Location: Germany, Hamburg, Planten un Blomen Park.
Location: Birdsboro, Pennsylvania
Date: 2024-01-20
colony in the forest of the Birdsboro Waters Land Preserve

Date: 2023-04-22
Location: Camden, ME
Date: 2023-07-03
Location: Camden, ME
Date: 2023-07-03
Location: Cranesville Swamp Natural Area, West Virginia | May, 2023
Location: French Creek State Park in southeast Pennsylvania
Date: 2015-05-25
wild shrub in bloom
Location: Alpine Lake, West Virginia | May, 2023
Location: Fairfax, Virginia (Outdoors)
Location: East Tennessee 
Date: 2014-05-26
Location: Eastern Tennessee
Date: 2014-05-26
Location: Southern Pines, NC
Date: May 23, 2022
Mountain laurel #182; RAB p. 1183, 145-8-1; AG p. 319, 58-14-1, "
Location: Southern Pines, NC
Date: May 23, 2022
Mountain laurel #182; RAB p. 1183, 145-8-1; AG p. 319, 58-14-1, "
Location: Swallow Falls (And Muddy Creek Falls), Maryland | May, 2023
Location: Swallow Falls (And Muddy Creek Falls), Maryland | May, 2023
Location: Downingtown, Pennsylvania
Date: 2010-01-14
wild shrubs along road in winter
This plant is tagged in:
Image Image Image Image

Comments:
  • Posted by ILPARW (southeast Pennsylvania - Zone 6b) on Jan 1, 2018 2:22 PM concerning plant:
    The Common Mountainlaurel has a native range from southern Maine down to northwest Florida, most of Alabama, parts of Mississippi, much of Kentucky & Tennessee, and eastern & southern Ohio, in swamps, meadows, and upland woods in acid soils ranging from draining wet to dry. It is slow growing of about half to 1 foot/year. It has smooth, glossy, leathery leaves about 3 to 4 inches long, borne alternately or in whorls. It bears white to pink star-like or bell-shaped or bowl-shaped flowers in flat-topped large terminal clusters in June with a nice fragrant scent. It bears little dry, brown fruits of 5-valved capsules from September until March. It has a brown to red-brown scaly-furrowed bark much like Pieris. It has a dense, shallow, fibrous root system and is easy to transplant. It is sold many nurseries in the East and some in the Midwest. In landscapes it can do well if it is planted in a shrub border or bed with mulch around it and shelter from winds, heat, and drought. I've seen a good number do poorly and even die out in landscapes in its native range because of some bad factor. It can be temperamental.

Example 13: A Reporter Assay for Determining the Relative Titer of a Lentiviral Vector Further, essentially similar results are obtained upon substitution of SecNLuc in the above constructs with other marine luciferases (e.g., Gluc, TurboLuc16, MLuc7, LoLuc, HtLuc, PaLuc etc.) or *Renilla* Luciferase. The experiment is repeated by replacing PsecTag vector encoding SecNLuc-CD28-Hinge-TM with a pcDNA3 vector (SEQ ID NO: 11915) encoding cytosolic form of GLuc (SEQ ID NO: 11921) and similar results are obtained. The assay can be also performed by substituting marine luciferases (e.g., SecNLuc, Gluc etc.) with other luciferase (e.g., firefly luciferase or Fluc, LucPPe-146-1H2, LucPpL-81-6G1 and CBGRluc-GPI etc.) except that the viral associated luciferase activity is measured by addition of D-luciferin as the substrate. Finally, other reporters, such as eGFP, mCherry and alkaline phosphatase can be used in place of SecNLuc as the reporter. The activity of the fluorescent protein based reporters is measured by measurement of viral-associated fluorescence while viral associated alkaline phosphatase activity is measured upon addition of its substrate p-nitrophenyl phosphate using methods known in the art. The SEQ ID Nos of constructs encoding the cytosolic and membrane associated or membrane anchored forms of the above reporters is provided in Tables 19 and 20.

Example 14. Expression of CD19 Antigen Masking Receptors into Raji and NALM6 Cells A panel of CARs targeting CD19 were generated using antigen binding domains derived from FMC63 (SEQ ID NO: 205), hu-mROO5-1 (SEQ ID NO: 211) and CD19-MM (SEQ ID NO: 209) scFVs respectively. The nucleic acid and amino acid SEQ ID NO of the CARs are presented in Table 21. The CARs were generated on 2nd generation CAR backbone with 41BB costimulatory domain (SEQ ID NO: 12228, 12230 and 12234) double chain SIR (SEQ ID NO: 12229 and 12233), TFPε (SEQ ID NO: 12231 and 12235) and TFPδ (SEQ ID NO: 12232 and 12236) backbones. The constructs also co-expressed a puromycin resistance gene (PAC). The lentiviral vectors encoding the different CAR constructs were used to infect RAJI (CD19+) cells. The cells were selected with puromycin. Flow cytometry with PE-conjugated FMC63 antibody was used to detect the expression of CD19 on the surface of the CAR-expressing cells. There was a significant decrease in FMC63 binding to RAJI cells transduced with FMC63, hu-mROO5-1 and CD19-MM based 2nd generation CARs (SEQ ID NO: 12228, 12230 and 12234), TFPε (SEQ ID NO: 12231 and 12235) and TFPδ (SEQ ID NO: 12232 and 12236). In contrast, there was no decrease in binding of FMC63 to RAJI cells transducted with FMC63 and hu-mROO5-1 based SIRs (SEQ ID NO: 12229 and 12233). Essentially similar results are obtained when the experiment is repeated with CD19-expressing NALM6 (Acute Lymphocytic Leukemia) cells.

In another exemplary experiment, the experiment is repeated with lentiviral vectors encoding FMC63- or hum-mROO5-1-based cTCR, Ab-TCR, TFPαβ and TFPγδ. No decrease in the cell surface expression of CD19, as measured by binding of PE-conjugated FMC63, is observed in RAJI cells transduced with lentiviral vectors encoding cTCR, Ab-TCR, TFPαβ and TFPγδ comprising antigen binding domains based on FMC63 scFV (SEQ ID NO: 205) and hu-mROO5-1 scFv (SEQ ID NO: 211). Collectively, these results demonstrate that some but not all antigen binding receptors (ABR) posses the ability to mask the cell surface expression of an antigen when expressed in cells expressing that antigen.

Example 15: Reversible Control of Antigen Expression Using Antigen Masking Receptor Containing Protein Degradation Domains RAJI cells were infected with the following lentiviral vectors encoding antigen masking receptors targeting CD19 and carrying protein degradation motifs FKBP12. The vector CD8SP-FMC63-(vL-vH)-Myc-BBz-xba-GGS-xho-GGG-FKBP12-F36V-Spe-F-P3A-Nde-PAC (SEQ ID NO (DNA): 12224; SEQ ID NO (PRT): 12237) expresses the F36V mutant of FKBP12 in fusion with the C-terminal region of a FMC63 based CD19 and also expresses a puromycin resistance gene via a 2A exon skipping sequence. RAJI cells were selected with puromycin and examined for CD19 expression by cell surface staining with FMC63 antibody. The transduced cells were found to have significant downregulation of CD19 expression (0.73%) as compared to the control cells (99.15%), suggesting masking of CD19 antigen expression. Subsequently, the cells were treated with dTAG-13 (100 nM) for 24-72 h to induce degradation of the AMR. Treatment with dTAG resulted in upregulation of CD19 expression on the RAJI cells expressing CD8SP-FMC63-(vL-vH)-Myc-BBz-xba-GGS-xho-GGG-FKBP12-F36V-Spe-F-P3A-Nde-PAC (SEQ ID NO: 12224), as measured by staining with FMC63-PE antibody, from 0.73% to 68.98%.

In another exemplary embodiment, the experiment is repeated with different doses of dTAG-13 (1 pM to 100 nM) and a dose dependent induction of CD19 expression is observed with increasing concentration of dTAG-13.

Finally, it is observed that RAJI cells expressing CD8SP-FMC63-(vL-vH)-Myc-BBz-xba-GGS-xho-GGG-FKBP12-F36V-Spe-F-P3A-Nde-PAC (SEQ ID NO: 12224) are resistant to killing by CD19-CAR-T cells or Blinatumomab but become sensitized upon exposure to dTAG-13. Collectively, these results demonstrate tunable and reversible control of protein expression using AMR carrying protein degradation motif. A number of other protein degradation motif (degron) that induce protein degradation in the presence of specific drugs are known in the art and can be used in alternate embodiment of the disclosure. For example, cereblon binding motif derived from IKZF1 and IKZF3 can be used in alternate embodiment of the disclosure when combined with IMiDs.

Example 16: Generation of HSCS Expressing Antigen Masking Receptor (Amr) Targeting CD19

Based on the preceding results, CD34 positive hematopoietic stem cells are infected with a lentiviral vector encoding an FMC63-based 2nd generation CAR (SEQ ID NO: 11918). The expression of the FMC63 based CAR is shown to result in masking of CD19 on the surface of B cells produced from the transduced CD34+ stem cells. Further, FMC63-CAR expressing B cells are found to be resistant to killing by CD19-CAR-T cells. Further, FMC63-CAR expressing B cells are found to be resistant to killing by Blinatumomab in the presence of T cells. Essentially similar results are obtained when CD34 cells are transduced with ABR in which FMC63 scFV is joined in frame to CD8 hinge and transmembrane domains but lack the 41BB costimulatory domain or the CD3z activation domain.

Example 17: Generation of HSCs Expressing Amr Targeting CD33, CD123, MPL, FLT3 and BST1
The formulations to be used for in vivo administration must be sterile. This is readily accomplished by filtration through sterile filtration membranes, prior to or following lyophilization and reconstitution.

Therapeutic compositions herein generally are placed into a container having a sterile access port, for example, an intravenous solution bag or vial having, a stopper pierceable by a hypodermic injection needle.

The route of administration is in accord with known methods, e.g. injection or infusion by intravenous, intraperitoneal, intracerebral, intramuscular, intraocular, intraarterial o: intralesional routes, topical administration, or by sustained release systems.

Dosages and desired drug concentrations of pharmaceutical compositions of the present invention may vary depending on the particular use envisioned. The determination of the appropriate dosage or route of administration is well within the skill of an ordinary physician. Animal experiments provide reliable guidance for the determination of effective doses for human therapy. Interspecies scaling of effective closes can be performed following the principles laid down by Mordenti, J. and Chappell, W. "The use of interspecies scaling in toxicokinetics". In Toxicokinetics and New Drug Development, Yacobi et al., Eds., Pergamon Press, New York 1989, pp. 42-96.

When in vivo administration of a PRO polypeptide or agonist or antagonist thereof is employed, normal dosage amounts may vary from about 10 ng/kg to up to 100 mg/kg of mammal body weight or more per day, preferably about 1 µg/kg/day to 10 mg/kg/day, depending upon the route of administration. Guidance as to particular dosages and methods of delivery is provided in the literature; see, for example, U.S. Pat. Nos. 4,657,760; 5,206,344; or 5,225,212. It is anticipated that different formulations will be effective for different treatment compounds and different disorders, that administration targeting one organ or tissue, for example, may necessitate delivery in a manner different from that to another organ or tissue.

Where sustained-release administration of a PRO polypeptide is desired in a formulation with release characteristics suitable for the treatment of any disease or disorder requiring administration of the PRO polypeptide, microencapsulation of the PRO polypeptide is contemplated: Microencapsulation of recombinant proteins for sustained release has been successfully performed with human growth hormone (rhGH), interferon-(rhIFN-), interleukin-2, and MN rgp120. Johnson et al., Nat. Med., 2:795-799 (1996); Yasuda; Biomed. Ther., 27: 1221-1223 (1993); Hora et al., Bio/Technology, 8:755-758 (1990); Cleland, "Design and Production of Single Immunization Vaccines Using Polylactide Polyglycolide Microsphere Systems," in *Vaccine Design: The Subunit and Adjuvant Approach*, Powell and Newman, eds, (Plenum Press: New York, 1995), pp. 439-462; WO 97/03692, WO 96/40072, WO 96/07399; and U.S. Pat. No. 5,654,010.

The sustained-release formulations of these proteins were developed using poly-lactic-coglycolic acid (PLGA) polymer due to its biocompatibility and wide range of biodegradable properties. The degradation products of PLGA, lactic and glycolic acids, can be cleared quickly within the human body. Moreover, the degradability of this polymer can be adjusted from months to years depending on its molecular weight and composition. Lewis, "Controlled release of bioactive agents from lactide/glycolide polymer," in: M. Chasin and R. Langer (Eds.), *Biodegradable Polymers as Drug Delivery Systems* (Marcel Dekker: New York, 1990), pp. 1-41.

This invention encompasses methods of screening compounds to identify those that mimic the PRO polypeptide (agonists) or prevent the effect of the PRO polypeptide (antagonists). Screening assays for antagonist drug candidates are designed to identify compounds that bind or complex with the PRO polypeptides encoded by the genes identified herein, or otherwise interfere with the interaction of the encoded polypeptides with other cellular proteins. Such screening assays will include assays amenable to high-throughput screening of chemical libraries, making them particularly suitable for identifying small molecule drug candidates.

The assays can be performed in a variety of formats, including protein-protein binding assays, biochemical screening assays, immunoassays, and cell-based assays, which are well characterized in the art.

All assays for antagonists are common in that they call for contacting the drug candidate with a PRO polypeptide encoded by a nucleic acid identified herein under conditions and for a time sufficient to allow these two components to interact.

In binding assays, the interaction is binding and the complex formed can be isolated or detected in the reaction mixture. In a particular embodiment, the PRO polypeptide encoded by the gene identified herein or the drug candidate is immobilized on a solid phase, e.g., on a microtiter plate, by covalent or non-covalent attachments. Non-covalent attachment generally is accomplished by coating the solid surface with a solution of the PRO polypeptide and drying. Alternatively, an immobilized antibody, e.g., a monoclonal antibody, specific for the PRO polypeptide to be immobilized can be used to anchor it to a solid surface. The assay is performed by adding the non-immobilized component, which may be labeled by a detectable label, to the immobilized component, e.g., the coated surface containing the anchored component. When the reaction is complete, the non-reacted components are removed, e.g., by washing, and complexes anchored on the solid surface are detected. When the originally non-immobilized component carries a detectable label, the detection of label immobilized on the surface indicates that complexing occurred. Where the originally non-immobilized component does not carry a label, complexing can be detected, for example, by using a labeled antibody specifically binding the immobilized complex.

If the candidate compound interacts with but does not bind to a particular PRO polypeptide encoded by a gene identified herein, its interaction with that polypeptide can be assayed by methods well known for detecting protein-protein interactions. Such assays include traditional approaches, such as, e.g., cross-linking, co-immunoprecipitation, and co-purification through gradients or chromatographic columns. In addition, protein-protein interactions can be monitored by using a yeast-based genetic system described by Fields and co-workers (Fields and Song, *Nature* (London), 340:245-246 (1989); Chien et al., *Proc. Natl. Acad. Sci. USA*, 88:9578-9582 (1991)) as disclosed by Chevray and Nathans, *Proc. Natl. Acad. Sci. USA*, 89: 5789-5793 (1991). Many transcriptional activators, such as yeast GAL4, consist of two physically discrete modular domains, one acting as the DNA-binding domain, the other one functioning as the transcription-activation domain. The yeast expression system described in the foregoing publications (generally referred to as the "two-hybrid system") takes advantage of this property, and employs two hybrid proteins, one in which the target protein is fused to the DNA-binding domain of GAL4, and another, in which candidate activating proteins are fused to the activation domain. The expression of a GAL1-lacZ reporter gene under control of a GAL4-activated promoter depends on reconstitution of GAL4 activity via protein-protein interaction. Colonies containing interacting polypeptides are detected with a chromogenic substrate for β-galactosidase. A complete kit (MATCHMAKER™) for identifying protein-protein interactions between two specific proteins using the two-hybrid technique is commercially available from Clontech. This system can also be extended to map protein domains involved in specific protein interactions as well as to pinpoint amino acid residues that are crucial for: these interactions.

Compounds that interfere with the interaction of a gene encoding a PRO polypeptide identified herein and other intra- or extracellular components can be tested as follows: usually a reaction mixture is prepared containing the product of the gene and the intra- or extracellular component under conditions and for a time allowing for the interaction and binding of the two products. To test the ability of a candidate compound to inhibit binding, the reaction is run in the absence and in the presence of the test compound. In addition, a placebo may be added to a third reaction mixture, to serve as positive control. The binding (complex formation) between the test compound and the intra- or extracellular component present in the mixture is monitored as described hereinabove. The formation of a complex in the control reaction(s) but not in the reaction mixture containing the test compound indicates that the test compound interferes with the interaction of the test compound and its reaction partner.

• Posted by mellielong (Lutz, Florida - Zone 9b) on Apr 10, 2015 6:00 PM concerning plant:
    "How to Know the Wildflowers" (1922) by Mrs. William Starr Dana has a lot of interesting information about this plant. First, as to its name, Kalmia was named by Linnaeus after Peter Kalm, one of his pupils. Another name for the plant, Spoonwood, came from its use by the Indians for making eating utensils. It is said that the wood is of fine grain and takes a good polish. The name Calico Bush may have come from the markings of the corolla which might suggest the cheap cotton prints sold in stores.

    The shrub was highly prized and carefully cultivated in England. According to the author, Barewood Gardens (then the home of the editor of the London Times) was celebrated for its specimens. The English papers would announce the flowering season and the estate would open for visitors to come view the flowers. The author apparently had trouble convincing the head gardener of the estate that in parts of America, "the waste hillsides were brilliant with its beauty every June."

    The author also points out that this is not the laurel of the ancients which was a symbol of victory and fame, although its leaves are similar in appearance. The leaves of Kalmia latifolia were said to be poisonous and supposedly used by the Indians for suicidal purposes. There was also a popular belief that the flesh of a partridge that had fed upon its fruit would become poisonous.
  • Posted by robertduval14 (Milford, New Hampshire - Zone 5b) on Apr 16, 2013 4:38 PM concerning plant:
    Connecticut and Pennsylvania's state flower.
Plant Events from our members
WebTucker On May 23, 2022 Bloomed
» Post your own event for this plant

Discussion Threads about this plant
Thread Title Last Reply Replies
Oh my goodness! by Toni May 12, 2020 11:34 AM 0

« Add a new plant to the database

« The Plants Database Front Page

Today's site banner is by Newyorkrita and is called "Rose Francois Rabelais"

This site is protected by reCAPTCHA and the Google Privacy Policy and Terms of Service apply.